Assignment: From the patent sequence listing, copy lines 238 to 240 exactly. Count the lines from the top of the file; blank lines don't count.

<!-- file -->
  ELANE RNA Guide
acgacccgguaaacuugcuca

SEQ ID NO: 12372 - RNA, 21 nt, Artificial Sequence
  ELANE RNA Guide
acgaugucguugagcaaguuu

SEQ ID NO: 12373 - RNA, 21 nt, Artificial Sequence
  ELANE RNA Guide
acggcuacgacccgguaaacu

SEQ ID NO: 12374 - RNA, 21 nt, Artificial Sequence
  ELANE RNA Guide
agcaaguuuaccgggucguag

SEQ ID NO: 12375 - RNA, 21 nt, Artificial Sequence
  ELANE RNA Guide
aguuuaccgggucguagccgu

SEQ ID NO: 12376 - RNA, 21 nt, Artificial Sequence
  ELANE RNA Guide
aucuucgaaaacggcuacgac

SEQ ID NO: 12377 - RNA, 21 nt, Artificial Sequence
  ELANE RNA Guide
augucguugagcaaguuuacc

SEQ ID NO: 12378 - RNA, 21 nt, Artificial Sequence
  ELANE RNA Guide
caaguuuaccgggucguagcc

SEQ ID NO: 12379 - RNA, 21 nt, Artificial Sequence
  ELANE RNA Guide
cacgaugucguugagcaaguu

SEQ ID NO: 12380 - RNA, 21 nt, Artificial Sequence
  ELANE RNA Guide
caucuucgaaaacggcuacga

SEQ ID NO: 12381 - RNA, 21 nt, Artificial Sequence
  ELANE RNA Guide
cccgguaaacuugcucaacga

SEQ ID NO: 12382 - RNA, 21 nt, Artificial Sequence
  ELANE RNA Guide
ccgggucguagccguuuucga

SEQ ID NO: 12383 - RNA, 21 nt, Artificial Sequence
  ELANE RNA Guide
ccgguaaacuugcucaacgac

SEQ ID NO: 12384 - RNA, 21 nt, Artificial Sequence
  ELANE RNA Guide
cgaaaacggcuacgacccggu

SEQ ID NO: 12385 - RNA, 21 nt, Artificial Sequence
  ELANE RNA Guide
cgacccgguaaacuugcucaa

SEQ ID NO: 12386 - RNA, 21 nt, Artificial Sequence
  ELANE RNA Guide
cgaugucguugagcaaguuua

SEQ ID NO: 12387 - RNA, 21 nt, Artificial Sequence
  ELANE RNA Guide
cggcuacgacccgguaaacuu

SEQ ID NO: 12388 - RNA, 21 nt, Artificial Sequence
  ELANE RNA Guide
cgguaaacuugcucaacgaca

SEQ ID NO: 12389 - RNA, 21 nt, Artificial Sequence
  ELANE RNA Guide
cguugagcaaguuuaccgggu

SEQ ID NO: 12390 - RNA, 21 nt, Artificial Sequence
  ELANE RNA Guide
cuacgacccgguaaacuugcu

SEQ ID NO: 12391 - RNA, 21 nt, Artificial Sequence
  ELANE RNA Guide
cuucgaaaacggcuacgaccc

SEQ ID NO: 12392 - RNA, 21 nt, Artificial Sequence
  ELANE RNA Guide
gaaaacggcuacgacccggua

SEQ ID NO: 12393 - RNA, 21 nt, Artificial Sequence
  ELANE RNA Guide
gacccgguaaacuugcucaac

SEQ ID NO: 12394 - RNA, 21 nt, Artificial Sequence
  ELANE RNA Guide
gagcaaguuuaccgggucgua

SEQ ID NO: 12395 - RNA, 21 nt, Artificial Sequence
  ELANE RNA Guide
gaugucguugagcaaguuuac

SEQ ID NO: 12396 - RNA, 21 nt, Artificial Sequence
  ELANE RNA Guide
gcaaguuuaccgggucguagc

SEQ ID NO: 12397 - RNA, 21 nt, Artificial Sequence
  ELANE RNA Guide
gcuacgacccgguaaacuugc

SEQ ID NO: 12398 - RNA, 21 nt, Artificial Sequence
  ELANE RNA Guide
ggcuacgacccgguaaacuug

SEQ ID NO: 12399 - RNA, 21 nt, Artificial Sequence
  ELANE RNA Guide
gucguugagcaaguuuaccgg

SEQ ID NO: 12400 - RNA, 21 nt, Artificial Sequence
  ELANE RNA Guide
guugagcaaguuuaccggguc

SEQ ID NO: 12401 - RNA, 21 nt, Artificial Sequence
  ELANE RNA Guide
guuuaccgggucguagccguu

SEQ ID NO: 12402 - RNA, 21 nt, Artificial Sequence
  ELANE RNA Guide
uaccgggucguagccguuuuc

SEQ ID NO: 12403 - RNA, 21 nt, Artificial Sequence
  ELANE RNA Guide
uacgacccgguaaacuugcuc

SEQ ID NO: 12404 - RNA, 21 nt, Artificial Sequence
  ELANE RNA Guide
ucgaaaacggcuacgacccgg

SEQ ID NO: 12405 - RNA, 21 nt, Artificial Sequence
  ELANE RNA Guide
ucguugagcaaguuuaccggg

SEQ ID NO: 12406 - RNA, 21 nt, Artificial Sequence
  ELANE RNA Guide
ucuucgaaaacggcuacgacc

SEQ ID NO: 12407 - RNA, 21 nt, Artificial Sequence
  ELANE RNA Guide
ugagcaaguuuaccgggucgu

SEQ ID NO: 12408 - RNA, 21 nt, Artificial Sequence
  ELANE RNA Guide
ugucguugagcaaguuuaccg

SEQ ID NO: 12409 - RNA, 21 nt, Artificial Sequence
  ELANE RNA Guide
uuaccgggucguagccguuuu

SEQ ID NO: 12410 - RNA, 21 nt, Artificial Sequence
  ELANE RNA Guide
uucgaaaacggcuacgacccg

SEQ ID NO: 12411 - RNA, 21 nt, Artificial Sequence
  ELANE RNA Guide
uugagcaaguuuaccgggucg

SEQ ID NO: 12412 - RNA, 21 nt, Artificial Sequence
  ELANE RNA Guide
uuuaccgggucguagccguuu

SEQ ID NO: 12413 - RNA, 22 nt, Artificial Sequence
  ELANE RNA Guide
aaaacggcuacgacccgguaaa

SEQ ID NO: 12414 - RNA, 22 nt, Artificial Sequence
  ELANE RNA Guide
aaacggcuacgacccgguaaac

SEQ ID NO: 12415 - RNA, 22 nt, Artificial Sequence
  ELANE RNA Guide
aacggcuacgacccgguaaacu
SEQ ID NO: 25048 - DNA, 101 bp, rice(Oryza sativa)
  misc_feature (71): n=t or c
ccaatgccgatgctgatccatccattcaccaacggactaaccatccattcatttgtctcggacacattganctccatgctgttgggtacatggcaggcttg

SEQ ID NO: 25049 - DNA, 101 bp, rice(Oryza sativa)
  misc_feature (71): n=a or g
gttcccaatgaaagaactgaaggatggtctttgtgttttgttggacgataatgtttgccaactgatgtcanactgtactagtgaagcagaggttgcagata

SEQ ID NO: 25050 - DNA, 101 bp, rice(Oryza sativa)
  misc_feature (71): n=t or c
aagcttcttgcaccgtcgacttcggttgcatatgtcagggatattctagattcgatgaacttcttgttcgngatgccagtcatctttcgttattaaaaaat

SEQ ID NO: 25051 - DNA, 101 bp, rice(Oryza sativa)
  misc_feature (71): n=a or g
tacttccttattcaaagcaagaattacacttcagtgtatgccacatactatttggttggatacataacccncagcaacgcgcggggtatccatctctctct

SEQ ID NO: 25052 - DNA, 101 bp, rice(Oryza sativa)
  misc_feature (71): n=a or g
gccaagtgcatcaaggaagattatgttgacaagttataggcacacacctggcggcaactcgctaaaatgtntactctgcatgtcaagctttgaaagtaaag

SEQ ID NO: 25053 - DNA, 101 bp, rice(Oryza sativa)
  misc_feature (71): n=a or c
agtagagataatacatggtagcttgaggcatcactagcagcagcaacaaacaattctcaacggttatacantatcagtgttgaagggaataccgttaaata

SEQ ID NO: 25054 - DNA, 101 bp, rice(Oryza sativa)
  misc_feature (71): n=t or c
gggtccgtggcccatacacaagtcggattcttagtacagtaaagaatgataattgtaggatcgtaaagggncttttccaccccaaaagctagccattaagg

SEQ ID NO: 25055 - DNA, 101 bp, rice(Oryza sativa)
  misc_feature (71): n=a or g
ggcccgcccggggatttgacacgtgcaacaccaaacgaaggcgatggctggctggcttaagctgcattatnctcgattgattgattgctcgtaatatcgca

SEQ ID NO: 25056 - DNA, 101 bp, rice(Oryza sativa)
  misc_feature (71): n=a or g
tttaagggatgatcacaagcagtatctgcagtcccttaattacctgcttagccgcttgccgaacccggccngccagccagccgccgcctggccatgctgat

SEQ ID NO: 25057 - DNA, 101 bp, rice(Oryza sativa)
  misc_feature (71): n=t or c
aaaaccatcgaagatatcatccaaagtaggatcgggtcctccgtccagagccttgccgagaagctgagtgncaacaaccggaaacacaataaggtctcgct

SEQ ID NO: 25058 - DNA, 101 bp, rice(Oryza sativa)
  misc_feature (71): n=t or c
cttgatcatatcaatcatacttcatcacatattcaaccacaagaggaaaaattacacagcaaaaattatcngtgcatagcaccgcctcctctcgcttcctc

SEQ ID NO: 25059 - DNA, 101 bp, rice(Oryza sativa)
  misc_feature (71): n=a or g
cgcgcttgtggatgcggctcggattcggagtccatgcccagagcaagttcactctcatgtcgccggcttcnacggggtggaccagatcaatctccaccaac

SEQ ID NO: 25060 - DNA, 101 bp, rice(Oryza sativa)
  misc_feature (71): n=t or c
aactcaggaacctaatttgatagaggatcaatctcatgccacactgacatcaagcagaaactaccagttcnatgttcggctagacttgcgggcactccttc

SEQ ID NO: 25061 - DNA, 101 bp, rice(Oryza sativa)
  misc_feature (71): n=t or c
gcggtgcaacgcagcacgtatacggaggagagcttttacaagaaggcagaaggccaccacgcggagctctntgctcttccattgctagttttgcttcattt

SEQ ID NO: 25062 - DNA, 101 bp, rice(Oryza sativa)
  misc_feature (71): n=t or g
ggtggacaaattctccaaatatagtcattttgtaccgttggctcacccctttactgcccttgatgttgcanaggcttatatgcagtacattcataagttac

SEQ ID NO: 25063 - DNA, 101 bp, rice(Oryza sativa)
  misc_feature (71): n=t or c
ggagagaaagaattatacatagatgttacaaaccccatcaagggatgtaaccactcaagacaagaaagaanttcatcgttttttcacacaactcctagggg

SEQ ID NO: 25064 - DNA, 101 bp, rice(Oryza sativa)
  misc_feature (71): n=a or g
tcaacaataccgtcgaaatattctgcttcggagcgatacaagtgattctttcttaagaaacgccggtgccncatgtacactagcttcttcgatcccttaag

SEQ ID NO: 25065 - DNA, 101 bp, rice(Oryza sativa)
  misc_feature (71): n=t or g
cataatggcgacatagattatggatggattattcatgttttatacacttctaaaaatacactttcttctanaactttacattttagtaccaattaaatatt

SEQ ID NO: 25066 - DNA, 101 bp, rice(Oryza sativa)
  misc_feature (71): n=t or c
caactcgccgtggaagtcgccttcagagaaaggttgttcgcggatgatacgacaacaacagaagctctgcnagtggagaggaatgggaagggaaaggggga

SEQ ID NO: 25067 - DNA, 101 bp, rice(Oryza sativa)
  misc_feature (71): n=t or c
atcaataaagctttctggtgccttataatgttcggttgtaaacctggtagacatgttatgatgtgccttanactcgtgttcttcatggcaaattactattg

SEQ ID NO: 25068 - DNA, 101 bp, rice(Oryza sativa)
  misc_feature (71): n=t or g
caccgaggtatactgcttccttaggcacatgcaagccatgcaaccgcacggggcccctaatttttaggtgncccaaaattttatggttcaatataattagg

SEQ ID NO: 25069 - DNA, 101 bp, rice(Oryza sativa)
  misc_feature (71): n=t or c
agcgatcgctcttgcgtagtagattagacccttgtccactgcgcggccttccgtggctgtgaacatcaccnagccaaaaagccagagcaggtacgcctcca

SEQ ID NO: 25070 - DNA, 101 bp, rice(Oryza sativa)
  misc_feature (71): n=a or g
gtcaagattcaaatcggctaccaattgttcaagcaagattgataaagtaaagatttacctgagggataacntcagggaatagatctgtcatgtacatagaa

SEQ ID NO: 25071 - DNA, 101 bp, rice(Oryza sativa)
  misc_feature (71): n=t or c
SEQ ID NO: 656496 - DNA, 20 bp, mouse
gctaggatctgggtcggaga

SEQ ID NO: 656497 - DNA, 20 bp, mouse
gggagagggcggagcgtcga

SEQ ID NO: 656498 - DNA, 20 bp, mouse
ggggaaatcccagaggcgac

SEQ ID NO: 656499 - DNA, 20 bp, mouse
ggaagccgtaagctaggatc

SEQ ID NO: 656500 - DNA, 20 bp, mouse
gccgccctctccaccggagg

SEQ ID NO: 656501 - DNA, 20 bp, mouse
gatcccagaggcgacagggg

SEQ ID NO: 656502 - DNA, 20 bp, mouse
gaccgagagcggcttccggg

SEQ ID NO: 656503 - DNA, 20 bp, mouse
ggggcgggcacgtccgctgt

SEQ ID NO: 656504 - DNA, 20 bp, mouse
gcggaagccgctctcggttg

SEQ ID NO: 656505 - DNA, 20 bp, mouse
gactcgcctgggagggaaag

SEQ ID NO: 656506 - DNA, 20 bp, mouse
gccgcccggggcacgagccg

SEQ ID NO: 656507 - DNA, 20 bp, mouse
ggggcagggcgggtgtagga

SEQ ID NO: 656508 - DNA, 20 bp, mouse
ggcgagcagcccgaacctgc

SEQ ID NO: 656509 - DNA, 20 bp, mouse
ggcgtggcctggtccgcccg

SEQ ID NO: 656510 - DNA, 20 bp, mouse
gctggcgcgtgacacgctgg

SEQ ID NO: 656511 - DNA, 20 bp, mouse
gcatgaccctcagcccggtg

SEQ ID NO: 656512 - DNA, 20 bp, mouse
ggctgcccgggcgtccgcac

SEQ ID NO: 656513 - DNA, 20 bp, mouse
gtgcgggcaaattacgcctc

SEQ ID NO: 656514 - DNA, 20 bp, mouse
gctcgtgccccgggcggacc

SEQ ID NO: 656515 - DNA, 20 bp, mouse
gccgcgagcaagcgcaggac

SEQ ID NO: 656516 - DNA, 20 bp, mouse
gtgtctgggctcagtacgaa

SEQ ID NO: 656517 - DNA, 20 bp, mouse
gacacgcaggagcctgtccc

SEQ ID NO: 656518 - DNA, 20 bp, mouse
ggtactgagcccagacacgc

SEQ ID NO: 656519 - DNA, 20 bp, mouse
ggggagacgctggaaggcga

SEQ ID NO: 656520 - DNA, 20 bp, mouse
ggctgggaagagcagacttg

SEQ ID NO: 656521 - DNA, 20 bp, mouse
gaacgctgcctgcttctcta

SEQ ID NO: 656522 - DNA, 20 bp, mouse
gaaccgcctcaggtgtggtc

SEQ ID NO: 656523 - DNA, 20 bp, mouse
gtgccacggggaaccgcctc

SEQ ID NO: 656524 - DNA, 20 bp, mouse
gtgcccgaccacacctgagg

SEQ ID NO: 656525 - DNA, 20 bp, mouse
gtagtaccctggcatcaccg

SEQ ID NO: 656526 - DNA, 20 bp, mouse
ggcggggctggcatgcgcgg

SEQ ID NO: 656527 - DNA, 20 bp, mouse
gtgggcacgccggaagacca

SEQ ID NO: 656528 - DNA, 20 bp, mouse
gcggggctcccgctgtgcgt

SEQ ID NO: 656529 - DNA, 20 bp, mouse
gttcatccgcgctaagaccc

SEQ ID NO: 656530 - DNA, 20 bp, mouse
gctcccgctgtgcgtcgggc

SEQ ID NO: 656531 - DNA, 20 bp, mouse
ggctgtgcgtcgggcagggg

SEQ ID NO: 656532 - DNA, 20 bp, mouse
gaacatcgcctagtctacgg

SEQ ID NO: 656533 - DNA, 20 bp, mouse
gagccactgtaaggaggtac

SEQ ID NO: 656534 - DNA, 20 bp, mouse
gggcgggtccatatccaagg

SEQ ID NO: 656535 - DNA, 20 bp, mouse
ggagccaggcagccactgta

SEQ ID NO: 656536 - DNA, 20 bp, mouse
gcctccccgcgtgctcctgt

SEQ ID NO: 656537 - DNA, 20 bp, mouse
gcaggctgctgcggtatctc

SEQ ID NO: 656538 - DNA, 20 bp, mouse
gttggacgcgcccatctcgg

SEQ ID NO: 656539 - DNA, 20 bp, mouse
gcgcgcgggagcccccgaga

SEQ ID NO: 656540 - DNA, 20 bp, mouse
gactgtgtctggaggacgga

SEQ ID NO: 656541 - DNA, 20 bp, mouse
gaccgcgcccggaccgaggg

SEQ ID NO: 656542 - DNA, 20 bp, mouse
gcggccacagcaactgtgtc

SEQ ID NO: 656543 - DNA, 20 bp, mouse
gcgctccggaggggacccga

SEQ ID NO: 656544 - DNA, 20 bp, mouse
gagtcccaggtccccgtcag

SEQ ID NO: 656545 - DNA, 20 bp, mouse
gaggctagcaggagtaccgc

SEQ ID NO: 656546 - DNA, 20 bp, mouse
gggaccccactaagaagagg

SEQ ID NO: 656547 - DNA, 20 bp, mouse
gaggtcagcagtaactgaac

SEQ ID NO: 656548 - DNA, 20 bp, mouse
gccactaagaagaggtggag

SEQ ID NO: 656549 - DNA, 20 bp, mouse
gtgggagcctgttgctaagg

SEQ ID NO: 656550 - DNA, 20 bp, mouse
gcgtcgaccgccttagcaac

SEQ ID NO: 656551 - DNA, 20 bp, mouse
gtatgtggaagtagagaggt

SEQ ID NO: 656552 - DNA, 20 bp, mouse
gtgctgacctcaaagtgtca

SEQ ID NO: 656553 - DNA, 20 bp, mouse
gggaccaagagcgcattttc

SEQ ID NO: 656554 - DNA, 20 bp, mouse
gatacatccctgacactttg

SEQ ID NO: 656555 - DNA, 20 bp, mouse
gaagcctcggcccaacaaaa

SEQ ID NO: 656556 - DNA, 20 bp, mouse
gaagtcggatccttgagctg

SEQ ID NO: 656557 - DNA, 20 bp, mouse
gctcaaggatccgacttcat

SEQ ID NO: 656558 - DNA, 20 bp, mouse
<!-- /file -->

SEQ ID NO: 656512 - DNA, 20 bp, mouse
ggctgcccgggcgtccgcac

SEQ ID NO: 656513 - DNA, 20 bp, mouse